HB 2237 changes affect owners, general (or “original”) contractors, subcontractors, suppliers, and others with original contracts entered into on or after January 1, 2022.

This article highlights some of the significant changes in Texas HB 2237 relevant to subcontractors on non-residential projects.

    1. Streamlined Notice Requirements for Non-Residential Projects. Second month notices have been eliminated. All subcontractors, whether or not contracting with the original contractor or another subcontractor, must now send the statutory notice to the owner and original contractor no later than the 15th day of the third month after the month in which they provided labor or materials for which they have not been paid. See accompanying summary chart of the subcontractor’s notice deadlines on non-residential projects.
    2. Required Subcontractor Notice Forms. The Texas Property Code now requires substantial compliance with the forms in Sections 53.056 and 53.057. Section 53.056 sets forth the statutory notice to perfect a claim for unpaid labor or materials. Section 53.057 sets forth the statutory notice to perfect a claim for unpaid contractual retainage.
    3. Expanded Notice Deadlines. When calculating a deadline to provide notice, if the last day of the notice period falls on Saturday, Sunday, or a legal holiday, the period is extended to include the next day that is not a Saturday, Sunday, or legal holiday. Section 53.003(e).
    4. Shortened Time Period to File Suit. Lien claimants are now required to file a lawsuit for lien foreclosure within one year from the last date the claimant was permitted to file its lien affidavit under Section 53.052. This period may be extended up to two years if the claimant enters into a written agreement for an extension with the owner, and the agreement is recorded in the property records of the appropriate county.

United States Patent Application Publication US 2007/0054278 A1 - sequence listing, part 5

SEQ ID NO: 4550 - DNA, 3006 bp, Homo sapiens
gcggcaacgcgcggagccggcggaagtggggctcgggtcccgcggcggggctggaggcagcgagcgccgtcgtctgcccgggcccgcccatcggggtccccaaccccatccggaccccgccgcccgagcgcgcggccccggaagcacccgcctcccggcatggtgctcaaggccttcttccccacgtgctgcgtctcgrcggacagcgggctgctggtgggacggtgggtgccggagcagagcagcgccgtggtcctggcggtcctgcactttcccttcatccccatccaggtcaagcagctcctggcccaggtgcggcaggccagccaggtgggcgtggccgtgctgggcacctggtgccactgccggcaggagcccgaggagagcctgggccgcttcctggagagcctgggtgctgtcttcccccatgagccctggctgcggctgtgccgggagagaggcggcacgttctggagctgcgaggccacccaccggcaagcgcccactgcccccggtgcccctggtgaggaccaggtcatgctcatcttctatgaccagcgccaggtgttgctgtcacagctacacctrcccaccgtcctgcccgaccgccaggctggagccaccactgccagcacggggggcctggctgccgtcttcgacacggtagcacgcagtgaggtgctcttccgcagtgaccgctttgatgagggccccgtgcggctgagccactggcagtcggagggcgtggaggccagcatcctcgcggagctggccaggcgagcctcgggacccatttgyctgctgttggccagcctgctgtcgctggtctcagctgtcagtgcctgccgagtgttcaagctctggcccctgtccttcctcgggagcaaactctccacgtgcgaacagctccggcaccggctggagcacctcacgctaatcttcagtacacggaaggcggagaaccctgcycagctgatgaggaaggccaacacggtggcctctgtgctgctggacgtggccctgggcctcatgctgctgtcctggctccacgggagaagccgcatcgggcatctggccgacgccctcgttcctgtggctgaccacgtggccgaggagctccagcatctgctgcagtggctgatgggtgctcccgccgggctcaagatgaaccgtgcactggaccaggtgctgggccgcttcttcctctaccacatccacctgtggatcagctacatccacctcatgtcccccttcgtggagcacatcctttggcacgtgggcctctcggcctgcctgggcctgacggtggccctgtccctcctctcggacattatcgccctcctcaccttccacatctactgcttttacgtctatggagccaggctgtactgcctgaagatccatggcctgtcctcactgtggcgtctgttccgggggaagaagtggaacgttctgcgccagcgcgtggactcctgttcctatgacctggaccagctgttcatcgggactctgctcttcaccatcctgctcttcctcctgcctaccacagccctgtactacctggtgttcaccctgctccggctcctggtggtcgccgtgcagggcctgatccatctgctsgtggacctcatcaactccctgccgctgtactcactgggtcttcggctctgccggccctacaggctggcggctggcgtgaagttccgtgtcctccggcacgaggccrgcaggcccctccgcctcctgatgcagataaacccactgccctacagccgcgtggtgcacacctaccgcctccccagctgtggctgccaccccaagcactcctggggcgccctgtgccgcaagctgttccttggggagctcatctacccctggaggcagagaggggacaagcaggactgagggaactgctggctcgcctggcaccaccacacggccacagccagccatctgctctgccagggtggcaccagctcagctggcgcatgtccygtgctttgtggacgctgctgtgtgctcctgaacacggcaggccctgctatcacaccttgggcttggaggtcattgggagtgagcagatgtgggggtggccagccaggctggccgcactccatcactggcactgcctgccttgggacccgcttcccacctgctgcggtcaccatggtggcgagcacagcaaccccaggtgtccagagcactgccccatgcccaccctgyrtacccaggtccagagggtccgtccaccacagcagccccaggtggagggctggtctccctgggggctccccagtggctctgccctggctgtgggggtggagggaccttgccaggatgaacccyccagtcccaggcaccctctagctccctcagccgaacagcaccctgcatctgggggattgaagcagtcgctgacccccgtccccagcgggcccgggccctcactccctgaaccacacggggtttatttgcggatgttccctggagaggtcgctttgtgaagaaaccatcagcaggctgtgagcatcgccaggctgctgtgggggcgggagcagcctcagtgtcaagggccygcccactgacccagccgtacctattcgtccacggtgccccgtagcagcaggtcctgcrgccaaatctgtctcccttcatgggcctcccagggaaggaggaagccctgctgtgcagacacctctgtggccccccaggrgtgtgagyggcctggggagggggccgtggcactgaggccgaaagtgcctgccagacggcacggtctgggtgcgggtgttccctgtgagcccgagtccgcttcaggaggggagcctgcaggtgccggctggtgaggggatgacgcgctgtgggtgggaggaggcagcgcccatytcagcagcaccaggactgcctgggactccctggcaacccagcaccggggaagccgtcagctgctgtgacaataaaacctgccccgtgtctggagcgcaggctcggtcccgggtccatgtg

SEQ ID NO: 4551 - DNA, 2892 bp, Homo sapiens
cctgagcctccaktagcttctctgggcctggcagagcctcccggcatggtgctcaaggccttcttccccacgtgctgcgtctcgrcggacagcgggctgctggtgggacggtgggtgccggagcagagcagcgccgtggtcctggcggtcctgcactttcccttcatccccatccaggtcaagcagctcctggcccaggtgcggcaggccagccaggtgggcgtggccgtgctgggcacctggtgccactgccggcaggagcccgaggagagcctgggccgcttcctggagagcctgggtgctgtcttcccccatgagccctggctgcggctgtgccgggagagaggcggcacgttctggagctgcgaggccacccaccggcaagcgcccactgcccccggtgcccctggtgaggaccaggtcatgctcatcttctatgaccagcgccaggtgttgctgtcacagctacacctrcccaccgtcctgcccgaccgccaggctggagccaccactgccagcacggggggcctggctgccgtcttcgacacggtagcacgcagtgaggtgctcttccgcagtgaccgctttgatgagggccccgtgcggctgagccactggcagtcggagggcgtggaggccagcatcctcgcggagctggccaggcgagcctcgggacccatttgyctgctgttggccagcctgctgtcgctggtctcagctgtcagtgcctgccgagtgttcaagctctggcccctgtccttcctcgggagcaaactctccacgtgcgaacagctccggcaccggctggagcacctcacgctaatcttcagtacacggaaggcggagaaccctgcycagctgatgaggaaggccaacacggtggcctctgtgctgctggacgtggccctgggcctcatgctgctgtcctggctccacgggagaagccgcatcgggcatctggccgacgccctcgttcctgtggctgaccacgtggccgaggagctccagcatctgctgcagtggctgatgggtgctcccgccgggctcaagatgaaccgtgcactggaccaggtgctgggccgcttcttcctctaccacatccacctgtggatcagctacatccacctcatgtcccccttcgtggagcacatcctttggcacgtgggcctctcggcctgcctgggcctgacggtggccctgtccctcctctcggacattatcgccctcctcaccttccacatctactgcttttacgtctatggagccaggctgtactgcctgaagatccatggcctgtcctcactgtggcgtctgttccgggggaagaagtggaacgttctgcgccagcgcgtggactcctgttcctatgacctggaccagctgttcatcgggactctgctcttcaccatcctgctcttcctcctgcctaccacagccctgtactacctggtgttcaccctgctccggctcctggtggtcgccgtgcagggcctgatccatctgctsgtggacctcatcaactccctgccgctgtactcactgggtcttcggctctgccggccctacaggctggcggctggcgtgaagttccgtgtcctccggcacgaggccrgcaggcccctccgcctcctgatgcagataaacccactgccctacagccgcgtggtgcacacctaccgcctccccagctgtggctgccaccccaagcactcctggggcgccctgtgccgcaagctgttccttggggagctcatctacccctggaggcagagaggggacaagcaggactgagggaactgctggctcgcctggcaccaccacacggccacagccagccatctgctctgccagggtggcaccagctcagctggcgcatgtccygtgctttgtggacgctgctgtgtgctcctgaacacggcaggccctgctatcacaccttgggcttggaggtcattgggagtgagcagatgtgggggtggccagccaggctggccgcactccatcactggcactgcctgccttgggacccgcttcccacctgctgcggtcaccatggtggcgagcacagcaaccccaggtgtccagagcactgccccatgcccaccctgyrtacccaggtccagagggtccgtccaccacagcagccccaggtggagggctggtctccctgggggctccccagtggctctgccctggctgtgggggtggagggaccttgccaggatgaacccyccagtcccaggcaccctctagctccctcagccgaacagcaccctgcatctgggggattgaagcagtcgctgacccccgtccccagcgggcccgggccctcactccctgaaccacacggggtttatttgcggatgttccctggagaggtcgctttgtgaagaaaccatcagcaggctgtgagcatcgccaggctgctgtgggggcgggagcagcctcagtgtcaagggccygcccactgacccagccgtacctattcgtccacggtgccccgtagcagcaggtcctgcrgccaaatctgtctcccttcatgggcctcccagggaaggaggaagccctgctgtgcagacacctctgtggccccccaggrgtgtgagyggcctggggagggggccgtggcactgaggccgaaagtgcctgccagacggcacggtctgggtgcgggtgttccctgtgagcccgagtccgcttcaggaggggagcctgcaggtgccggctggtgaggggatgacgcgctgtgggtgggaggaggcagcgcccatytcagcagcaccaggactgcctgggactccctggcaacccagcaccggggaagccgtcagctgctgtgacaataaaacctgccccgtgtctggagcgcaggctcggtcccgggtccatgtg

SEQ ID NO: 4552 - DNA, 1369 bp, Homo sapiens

5. New “Sham Contract” and “Purported Original Contractor” Provisions. A new key provision is the “Purported original contractor” definition in Section 53.001 (7-a):

“Purported original contractor” means an original contractor who can effectively control the owner or is effectively controlled by the owner through common ownership of voting stock or ownership interests, interlocking directorships, common management, or otherwise, or who was engaged by the owner for the construction or repair of improvements without a good faith intention of the parties that the purported original contractor was to perform under the contract. For purposes of this subdivision, the term “owner” does not include a person who has or claims a security interest.

When a subcontractor enters into a contract with a “purported original contractor,” it is considered to be an original contractor for purposes of perfecting a mechanic’s lien. This means that the subcontractor can not only claim a sham contract under Section 53.026, which will avoid the pre-filing notice requirement, but the subcontractor may also be able file a Constitutional Lien upon meeting the sham contract requirements.

While HB 2237 brought numerous changes to the lien notice and filing requirements, best practices remain the same—send notice as soon as you encounter a payment issue, and contact an attorney for help navigating the complex legal requirements. PDH Law stands ready to continue assisting owners, contractors, subcontractors, suppliers, and other professionals manage and protect their interests in the construction industry!


Katie Lee is an Associate Attorney with Pagel, Davis & Hill, P.C. and may be reached at klee@pdhlaw.com.

LEGAL DISCLAIMER: This article is provided for educational purposes only, and does not constitute legal advice.